Arnold Schwarzenegger said he'd be back. But not as the Terminator and not until June 18, 1993, when he arrives in theaters in "The Last Action Hero."
According to current studio plans, that means it will open one week before Steven Spielberg's dinosaur epic "Jurassic Park" on June 25.Epitaphs are still being written about the 1992 summer movies, but Hollywood's summer of 1993 is already shaping up.
Scheduling a movie's opening date is always problematic. But when you're dealing with huge investments, the season that has the biggest potential box-office grosses, competitive concerns are compounded.
"You just don't drop a movie onto the scene that stars a box-office draw as big as Schwarzenegger," said one studio executive. "You pick a date for optimum grosses. In the case of `Last Action Hero,' it's clear they're hoping for a `Batman Returns' . . . enough time from the big Memorial Day summer kickoff and out in the market well in advance of the July 4 period."
At the moment, with Columbia Pictures claiming June 18 for Schwarzenegger and Universal Pictures staking June 25 for Spielberg, most insiders believe there will be little incentive for any other company to schedule films on the same dates.
"Right now, the summer looks like an awfully crowded field," said John Krier of Exhibitor Relations Co. Inc., a company that tracks box-office grosses. "Sometimes there needs to be some breathing room" between the potential hit films. "Where are they going to put them all?"
By next May this may all change due to competitive reasons. But here's a preview . . . for now:
Memorial Day weekend, traditionally the kickoff: Tom Cruise in "The Firm" from Paramount Pictures; Sylvester Stallone in the action-adventure "Cliffhanger," from TriStar Pictures. There are reports that 20th Century Fox might release Philip Kaufman's "Rising Sun" with Sean Connery, Wesley Snipes and Harvey Keitel at the start of summer.
June: The "Super Mario Bros." movie and "Hocus Pocus" from Disney Studios.
June, sort of for sure: Warner Bros.' "Dennis the Menace," based on the comic strip with a cast that includes Walter Matthau, Christopher Lloyd and Joan Plowright, plus Mason Gamble as the fair-haired kid.
Sometime in July: There's talk at Paramount of a July 4 release of "Beverly Hills Cop III" with Eddie Murphy; Columbia is thinking of releasing John Singleton's "Poetic Justice" during the same month that the director's "Boyz N the Hood" opened. Disney's classic "Snow White" also makes a return.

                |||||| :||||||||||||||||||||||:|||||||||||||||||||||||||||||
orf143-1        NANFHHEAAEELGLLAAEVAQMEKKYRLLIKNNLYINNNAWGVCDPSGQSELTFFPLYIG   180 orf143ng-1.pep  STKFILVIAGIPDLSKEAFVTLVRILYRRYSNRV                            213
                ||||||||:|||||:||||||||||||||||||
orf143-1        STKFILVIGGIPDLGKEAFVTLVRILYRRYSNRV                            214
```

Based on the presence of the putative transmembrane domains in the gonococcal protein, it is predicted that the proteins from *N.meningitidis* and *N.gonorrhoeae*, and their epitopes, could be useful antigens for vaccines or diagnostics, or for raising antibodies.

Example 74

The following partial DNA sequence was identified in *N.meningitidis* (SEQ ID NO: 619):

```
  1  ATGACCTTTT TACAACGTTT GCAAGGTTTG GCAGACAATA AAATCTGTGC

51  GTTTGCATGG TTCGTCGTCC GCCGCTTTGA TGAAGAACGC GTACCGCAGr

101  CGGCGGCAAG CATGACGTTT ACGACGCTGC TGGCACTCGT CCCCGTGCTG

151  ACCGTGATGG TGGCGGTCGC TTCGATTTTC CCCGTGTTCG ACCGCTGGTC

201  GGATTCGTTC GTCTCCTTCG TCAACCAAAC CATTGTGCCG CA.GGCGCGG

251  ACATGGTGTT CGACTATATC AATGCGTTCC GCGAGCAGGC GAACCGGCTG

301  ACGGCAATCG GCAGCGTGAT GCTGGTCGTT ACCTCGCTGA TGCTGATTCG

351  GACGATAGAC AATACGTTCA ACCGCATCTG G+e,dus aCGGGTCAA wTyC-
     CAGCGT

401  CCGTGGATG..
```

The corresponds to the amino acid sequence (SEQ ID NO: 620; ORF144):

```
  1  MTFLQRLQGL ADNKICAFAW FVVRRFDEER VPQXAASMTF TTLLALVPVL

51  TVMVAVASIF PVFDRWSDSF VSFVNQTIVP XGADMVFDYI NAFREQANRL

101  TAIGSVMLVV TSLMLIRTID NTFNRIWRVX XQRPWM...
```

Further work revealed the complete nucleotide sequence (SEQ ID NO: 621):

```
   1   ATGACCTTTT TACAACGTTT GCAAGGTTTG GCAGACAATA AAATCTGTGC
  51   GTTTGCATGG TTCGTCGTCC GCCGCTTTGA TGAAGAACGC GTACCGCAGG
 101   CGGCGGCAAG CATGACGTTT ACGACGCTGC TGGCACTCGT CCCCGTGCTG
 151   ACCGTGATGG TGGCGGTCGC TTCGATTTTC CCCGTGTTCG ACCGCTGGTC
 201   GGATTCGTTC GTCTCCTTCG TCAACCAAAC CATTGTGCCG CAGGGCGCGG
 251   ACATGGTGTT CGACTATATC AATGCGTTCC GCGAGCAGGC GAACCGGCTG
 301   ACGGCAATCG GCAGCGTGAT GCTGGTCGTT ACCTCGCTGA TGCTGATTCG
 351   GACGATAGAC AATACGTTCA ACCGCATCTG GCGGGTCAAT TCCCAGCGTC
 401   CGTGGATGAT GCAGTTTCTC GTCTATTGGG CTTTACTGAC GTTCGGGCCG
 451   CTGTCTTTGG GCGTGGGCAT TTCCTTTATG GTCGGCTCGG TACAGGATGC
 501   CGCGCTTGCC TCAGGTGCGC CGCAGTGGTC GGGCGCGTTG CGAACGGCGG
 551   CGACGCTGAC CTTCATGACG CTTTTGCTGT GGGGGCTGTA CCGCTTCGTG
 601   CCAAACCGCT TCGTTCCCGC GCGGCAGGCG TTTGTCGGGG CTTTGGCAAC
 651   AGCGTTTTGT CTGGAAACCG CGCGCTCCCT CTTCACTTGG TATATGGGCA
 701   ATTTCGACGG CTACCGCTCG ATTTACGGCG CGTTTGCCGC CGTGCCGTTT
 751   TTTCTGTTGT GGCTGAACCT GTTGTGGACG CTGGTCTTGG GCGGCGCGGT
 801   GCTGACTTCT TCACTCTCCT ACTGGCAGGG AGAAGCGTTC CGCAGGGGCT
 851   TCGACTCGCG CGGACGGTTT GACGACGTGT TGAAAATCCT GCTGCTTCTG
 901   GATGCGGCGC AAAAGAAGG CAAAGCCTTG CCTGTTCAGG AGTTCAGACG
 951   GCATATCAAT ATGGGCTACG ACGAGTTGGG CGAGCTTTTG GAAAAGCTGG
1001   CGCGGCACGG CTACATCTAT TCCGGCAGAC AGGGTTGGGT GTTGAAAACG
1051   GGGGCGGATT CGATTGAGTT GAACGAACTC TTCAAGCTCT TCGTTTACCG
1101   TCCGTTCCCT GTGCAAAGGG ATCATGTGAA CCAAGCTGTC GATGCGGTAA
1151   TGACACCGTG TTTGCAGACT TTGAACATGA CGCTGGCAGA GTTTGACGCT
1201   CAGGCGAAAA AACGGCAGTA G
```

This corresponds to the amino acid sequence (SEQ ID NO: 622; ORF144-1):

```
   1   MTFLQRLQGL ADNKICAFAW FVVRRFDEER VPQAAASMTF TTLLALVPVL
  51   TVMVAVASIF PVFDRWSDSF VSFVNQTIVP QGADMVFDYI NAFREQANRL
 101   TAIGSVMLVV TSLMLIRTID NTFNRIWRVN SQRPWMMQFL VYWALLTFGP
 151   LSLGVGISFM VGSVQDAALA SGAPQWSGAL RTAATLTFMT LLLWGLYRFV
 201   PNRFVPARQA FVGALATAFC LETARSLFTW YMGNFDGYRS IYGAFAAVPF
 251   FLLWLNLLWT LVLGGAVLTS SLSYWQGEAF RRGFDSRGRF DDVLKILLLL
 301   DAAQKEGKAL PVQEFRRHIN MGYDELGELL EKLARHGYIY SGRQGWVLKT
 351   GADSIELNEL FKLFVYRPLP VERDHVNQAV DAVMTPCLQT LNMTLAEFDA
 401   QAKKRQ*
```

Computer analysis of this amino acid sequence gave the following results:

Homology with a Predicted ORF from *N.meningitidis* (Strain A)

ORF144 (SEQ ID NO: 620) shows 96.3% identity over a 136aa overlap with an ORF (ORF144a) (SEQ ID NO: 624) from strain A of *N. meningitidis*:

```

August: There is talk that Columbia may open Clint Eastwood's "In the Line of Fire" about the same time as Warners released Eastwood's "Unforgiven" this year.
Unscheduled, but summer-bound: Fox has "Hot Shots 2," with Charlie Sheen. Disney may release "The Son-in-Law," with Pauly Shore. Universal has "For Love or Money" with Michael J. Fox. Tristar may open "The Killer" with Richard Gere and Denzel Washington. - DAVID J. FOX
- HOLLYWOOD - You won't see any mention of him in the opening or closing credits, but yes, that is Chevy Chase you'll see in Columbia Pictures' upcoming "Hero," starring Dustin Hoffman, Geena Davis and Andy Garcia.
Behind the bespectacled face and the makeup job that makes his hair look thinner, you can find Chase playing a dominating and demanding news chief of a Chicago TV station, where Davis is a reporter.
"Chevy didn't want billing for the part because he wanted it to be an element of surprise to audiences," said a Columbia spokesman, who likened it to the uncredited performance by Jack Nich-ol-son as a newscaster in "Broadcast News."
"He just wanted to do the part," said his publicist. "It has nothing to do with his reaction to the movie. He hasn't seen the movie yet." - DAVID J. FOX